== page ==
First of all, I need to start this post with a disclaimer. What is expressed on this blog is my personal opinions, recommendations, etc and NOT the views of any of the organizations I work with.
As someone who lives on a farm, rides daily and teaches others almost daily, being told to stay home is frustrating. For me personally, it was frustrating enough three weeks ago when I injured my knee and was told I’d be off a horse for 3-4 weeks minimum but at least then I could still teach, hang out with friends, etc. Now the Governor is restricting “gatherings” to 10 people and USPC says no activities with two or more people.
And as much as it pains me not to be out there every day with my students and clients, I am choosing to temporarily shut down for at least this week, probably longer. Why? Because the SCIENCE shows that if more people just stay home in the next two weeks, then we will be back to “normal” at a much faster rate.
Some have predicted that with the current rate of infection across this country, we could be looking at restrictions through August! So I have to ask the question to my fellow trainers and barn owners… is shutting down for even one week worth the possibly of being forced to close for another six months?
And just now on the news, I heard a statistic that says even three weeks of self quarantine will get us back to “normal” in a month or two but at the rate the US population is ignoring recommendations, we are looking at a much long lasting impact with significantly more deaths. And I 100% understand that even a weeks worth of shutting down has a huge financial impact on people. There will be businesses that can not bonce back from this and I am just praying that our government is working on ways to help these businesses.
So why then do all us horse people feel the need to go on like nothing is happening around us?
Please understand, I am not judging anyone here. And I know that trainers, like myself only get paid for the hours we work. I am facing a personal huge loss in income as I know many others in the industry are facing too. But just because riding typically happens outdoors does not mean we can continue with business as usual.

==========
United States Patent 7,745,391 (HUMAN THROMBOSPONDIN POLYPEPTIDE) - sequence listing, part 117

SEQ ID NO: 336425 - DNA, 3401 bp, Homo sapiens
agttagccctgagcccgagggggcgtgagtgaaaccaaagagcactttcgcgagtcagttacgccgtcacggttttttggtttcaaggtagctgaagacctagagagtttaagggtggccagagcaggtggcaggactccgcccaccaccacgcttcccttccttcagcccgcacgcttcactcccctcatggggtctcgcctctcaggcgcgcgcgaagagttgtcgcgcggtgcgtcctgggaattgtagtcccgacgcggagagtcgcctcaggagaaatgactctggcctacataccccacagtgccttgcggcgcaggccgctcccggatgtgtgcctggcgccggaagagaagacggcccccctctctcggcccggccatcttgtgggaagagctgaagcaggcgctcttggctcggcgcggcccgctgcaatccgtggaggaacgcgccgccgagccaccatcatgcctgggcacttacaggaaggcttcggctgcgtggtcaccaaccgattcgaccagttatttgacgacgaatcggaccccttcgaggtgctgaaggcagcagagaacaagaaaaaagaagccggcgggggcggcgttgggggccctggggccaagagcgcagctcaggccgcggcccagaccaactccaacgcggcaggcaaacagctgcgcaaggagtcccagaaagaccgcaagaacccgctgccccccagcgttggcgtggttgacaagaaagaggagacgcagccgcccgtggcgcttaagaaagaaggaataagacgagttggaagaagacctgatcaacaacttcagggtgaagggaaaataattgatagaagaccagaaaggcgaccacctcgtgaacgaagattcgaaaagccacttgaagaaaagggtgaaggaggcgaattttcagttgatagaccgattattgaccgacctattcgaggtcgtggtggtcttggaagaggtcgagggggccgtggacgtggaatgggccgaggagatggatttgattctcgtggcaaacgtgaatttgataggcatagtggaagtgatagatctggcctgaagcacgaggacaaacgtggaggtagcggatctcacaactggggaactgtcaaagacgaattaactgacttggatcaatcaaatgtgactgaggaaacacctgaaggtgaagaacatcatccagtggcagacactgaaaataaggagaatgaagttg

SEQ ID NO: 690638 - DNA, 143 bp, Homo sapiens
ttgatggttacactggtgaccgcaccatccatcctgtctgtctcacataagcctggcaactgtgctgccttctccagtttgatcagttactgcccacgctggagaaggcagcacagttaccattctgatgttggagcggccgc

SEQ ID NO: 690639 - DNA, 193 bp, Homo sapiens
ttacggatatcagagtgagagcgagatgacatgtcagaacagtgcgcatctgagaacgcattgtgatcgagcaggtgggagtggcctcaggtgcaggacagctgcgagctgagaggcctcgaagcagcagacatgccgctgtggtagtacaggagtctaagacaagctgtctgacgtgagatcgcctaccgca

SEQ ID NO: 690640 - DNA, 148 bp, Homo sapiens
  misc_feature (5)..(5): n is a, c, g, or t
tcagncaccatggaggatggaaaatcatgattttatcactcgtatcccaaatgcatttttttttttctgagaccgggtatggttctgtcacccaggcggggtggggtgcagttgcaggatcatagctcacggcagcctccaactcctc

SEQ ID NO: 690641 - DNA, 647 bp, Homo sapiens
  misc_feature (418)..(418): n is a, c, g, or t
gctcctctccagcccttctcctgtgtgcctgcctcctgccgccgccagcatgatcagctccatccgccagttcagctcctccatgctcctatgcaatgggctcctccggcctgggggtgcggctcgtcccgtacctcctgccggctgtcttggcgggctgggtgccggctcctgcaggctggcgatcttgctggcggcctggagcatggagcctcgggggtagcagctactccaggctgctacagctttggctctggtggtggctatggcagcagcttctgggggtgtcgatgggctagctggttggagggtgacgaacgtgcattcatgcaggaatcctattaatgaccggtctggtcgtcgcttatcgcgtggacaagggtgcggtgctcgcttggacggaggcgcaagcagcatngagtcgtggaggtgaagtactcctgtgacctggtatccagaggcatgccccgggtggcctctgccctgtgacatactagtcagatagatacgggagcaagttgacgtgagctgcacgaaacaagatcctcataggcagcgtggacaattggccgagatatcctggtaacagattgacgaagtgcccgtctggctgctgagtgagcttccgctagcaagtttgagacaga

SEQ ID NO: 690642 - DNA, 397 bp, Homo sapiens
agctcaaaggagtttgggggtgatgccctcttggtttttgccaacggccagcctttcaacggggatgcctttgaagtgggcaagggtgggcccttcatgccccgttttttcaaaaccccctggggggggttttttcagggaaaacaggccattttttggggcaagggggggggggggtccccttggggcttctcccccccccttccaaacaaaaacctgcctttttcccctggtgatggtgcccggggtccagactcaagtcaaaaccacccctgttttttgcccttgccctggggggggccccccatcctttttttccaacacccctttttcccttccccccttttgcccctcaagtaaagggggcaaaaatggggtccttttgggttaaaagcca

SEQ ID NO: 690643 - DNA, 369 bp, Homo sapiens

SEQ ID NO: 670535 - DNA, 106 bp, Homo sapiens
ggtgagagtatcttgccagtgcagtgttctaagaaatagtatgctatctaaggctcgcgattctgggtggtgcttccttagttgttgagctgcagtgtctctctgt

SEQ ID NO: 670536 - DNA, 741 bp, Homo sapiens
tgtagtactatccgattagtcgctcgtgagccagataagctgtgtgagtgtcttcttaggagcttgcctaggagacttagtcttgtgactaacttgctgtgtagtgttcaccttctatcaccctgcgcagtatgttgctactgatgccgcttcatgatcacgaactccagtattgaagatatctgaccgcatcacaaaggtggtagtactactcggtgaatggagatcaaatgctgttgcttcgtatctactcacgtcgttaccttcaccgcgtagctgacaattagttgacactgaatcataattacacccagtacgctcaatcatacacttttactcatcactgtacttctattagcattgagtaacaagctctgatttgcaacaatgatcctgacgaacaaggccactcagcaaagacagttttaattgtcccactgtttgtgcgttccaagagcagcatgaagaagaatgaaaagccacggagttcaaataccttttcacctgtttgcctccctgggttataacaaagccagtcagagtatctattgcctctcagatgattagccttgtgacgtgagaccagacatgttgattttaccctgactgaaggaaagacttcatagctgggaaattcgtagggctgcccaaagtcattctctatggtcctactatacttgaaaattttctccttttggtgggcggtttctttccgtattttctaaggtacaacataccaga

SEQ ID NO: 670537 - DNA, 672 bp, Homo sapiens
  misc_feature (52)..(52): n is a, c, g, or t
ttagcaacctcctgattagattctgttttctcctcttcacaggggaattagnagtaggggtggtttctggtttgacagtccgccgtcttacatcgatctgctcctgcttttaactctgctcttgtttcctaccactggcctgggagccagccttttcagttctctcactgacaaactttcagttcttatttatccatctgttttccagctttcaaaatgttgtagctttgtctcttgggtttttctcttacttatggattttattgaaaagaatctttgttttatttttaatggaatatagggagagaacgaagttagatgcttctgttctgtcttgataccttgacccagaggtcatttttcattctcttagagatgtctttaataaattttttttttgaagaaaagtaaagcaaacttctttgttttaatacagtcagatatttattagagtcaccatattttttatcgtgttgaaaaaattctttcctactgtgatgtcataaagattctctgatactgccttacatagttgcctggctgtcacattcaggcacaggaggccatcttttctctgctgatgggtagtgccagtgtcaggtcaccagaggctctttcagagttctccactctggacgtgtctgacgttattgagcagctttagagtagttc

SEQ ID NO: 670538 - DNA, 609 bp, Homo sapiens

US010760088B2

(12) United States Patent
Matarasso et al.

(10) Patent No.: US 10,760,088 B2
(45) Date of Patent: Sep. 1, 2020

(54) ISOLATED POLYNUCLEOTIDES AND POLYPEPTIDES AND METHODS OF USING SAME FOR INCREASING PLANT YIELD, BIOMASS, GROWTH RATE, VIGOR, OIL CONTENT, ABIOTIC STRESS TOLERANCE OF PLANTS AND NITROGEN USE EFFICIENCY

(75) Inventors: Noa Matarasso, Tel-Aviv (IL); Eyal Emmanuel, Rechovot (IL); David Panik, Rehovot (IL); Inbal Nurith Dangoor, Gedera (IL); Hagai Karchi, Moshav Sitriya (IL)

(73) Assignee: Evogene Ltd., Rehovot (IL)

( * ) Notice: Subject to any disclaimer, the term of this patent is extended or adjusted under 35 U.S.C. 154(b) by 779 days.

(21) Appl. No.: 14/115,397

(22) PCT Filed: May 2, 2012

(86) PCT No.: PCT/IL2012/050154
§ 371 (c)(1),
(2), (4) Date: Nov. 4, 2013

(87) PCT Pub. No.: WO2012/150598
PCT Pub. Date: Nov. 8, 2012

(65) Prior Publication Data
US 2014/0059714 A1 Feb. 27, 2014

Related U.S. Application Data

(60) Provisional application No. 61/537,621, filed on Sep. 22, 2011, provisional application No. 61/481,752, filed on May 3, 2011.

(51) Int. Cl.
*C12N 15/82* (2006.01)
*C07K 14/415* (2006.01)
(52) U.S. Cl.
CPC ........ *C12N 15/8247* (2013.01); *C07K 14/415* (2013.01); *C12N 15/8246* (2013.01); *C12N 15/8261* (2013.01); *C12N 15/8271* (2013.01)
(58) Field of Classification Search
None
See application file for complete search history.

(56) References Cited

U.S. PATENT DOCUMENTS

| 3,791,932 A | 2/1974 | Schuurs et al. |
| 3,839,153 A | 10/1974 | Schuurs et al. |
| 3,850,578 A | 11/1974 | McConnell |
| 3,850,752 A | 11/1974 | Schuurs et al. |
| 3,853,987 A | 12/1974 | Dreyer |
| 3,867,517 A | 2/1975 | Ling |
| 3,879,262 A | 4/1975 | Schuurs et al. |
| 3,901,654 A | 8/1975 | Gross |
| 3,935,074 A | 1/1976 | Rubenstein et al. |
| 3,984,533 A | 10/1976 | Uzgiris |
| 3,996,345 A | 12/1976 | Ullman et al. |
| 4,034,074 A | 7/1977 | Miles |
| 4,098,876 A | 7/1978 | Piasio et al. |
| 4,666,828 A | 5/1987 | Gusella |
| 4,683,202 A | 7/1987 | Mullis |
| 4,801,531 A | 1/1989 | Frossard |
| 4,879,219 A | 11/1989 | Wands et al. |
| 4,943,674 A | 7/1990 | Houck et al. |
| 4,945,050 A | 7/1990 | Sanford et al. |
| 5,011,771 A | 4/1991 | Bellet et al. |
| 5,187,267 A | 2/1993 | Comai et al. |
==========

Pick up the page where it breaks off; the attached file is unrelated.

Here at my farm I’ve already paired down the number of people on the property and have instructed each of them to spray down doorknobs and such before leaving. If my leg was not in a brace, I would just tell everyone to stay home and I’d do it all on my own, but for at least another week, I need the help of others to make sure the horses are being properly cared for.
In terms of teaching, as of Tuesday of this week, I’ve stopped all teaching and will re-evaluate this weekend. There are a lot of good tips coming out on how to give virtual lessons and such and I know there are those out there staying 6 feet apart and carrying on, and it may come to that for me as well. But then I ask this question too… how do we do safety checks from 6 feet apart? How do we help a younger kid adjust a stirrup or hold a pony while they mount up from 6 feet apart? And what happens if someone falls? Do we help them from 6 feet apart?
At some point I’m going to figure out how to be able to teach privates and protect myself and my students and I would love to hear how others are able to do so. But in the meantime, I am begging my fellow trainers and barn owners to just take a breath, stop operations for even just one week and lets all get ahead of this instead of feeling like we are 10 steps behind every time the latest statistics are released.
For those who are riding, and I can promise you as soon as I’m cleared to ride I will be riding again too (here at my private farm away from other people), the team from Event Entries sent out a great list of tips. Please, please, please… if as a rider you need your saddle time, which I know I do, follow these tips.